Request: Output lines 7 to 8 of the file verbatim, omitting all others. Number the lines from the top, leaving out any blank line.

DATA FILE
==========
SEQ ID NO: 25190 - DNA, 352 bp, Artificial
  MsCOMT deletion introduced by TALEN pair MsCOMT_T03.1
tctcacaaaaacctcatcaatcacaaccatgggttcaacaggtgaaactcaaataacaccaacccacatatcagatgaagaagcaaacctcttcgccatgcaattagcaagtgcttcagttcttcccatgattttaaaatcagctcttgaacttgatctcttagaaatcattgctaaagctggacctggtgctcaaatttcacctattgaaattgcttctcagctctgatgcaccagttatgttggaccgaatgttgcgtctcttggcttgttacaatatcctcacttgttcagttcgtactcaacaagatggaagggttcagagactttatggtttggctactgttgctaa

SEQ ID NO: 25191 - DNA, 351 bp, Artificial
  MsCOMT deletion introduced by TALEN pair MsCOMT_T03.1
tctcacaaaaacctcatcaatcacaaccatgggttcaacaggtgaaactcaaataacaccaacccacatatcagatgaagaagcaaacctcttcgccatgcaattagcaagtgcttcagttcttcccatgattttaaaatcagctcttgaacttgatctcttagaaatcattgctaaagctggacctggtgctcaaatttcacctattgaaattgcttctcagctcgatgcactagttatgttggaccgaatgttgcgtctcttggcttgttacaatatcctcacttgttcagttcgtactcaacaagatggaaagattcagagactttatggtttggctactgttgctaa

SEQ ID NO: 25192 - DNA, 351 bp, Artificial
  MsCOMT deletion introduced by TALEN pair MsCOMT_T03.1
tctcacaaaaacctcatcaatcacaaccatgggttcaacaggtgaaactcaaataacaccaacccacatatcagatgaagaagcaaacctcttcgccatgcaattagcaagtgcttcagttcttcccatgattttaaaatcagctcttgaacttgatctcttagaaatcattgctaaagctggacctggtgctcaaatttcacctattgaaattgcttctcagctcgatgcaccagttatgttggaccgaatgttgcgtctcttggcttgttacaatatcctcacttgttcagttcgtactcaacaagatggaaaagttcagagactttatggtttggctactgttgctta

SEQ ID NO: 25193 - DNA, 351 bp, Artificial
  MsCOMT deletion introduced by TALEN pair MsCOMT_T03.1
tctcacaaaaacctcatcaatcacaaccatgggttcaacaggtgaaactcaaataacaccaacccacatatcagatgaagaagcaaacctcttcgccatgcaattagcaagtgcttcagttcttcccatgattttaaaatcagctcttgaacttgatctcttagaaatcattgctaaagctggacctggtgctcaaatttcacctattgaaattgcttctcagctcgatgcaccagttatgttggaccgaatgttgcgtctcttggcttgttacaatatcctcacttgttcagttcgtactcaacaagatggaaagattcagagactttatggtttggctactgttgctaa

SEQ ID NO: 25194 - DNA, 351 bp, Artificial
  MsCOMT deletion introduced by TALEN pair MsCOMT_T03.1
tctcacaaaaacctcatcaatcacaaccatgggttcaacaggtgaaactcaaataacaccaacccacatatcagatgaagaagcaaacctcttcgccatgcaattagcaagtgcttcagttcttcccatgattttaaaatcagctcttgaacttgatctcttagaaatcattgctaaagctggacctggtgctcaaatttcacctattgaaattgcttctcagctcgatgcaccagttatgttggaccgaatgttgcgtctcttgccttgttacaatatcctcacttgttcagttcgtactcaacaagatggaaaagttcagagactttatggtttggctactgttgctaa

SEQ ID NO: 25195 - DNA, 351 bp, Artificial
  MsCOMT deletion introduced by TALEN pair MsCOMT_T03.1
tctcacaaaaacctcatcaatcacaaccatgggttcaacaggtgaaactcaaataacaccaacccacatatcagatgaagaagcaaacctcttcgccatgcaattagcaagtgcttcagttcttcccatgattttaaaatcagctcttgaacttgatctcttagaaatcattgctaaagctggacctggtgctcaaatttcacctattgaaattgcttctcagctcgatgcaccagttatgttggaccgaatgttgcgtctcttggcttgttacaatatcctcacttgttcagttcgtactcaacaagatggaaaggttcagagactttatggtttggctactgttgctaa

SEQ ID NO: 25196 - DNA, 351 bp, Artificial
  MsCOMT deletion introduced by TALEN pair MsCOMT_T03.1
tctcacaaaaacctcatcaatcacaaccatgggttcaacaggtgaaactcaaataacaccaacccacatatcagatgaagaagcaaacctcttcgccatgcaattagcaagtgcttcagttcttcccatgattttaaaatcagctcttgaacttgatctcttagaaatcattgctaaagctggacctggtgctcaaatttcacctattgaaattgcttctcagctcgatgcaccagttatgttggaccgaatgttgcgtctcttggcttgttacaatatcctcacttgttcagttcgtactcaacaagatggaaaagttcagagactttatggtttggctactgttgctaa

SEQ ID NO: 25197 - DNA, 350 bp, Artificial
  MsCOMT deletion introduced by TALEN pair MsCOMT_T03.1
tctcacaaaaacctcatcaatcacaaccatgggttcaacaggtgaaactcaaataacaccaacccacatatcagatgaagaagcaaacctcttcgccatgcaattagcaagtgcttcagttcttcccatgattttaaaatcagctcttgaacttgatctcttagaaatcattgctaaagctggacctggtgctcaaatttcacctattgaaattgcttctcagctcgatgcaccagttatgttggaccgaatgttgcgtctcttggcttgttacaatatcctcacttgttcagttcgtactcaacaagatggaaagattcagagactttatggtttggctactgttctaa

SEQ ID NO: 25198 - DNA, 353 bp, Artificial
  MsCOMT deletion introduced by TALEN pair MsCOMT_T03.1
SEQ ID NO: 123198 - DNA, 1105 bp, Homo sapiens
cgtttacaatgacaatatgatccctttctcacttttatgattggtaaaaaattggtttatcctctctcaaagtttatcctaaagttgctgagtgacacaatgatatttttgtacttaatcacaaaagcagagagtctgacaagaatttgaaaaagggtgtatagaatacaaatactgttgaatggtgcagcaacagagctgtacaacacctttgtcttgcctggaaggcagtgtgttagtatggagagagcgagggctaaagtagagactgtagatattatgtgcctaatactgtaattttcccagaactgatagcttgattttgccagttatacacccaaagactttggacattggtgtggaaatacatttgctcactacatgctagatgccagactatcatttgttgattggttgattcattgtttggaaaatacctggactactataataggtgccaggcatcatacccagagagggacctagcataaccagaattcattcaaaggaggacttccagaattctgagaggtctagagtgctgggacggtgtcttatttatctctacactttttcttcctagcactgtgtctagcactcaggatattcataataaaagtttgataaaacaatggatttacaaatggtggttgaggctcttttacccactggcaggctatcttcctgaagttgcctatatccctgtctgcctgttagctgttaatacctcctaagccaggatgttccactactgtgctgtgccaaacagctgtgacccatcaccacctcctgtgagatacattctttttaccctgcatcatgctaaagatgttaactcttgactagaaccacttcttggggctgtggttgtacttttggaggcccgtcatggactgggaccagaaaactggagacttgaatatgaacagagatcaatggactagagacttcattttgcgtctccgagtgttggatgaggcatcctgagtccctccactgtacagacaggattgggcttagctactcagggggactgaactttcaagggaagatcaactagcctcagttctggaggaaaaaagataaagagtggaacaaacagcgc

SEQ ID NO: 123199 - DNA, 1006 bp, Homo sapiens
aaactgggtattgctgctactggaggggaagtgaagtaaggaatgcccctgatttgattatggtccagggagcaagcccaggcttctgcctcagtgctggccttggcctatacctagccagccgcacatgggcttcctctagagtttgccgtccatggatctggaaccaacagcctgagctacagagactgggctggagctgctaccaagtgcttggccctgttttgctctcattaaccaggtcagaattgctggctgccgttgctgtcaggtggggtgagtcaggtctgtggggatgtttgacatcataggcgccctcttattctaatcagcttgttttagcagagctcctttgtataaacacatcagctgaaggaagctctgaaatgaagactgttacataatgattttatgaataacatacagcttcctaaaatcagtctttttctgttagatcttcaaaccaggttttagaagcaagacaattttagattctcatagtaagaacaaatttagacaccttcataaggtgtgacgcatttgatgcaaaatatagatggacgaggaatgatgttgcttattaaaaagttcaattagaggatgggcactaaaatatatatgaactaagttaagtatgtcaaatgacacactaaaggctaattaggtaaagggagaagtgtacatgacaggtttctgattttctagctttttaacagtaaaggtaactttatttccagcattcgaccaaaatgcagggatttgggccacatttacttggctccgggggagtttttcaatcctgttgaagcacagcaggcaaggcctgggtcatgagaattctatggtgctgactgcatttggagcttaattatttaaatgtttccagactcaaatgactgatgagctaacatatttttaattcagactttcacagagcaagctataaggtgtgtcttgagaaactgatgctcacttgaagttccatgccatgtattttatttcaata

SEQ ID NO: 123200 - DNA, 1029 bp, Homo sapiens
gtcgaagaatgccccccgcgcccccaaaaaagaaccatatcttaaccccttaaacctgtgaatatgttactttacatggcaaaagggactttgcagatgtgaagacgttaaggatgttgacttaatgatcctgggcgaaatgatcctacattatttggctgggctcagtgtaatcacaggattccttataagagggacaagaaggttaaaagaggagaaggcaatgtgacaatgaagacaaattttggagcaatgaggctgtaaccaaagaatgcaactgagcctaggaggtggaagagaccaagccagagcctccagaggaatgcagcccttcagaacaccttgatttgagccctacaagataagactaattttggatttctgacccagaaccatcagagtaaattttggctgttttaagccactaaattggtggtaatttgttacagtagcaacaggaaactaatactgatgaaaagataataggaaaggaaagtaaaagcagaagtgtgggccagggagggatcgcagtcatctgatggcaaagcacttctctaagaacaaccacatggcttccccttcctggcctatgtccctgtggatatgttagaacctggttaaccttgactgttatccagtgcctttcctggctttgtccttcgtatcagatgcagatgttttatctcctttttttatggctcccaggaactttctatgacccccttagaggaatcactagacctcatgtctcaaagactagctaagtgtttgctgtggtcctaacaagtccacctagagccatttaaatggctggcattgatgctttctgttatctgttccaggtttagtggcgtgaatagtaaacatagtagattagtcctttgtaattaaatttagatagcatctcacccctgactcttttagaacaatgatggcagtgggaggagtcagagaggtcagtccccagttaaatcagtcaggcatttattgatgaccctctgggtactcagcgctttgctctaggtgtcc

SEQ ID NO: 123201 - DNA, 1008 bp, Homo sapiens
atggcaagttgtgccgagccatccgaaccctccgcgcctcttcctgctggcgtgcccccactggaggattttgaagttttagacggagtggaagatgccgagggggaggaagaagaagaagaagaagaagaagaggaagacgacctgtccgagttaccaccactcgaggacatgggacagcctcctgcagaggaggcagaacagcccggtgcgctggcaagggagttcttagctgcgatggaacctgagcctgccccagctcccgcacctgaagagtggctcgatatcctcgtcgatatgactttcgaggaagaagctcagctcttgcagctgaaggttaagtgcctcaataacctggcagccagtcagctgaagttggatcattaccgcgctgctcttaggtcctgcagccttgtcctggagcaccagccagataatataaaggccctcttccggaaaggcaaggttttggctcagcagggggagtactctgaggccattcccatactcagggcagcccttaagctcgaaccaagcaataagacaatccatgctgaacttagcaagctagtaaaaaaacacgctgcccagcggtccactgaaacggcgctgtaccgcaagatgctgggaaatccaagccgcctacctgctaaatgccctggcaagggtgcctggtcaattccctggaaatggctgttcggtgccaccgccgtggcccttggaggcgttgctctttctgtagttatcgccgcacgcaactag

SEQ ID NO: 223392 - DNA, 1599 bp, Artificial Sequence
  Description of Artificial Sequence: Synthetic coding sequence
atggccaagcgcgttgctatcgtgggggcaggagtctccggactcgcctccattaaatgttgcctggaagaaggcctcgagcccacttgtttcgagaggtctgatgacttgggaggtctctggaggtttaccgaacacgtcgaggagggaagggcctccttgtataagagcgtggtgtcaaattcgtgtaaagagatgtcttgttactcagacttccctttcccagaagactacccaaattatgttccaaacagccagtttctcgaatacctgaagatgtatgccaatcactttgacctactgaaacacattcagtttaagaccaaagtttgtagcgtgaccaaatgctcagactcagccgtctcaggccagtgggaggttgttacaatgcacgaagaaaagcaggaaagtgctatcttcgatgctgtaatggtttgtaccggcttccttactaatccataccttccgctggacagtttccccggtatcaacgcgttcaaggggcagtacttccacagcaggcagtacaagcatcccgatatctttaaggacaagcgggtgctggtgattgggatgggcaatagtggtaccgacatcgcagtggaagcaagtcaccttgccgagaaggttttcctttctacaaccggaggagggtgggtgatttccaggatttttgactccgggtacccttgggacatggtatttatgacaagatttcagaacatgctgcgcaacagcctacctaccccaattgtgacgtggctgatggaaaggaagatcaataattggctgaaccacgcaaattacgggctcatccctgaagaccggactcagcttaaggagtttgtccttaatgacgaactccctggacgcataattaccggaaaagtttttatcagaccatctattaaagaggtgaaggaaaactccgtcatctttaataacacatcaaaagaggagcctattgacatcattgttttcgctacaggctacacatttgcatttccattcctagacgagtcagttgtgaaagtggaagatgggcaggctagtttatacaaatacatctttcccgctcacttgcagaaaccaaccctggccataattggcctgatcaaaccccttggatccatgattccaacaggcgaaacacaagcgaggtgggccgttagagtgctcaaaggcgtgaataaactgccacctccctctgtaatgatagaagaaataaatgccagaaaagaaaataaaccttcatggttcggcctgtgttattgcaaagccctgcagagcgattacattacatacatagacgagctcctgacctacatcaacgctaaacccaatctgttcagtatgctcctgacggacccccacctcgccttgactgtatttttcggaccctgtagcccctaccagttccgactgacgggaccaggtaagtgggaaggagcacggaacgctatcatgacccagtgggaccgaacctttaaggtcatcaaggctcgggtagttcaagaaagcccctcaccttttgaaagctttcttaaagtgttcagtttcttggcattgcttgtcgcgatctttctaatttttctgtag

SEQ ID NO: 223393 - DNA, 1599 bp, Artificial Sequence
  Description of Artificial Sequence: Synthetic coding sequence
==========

SEQ ID NO: 25192 - DNA, 351 bp, Artificial
  MsCOMT deletion introduced by TALEN pair MsCOMT_T03.1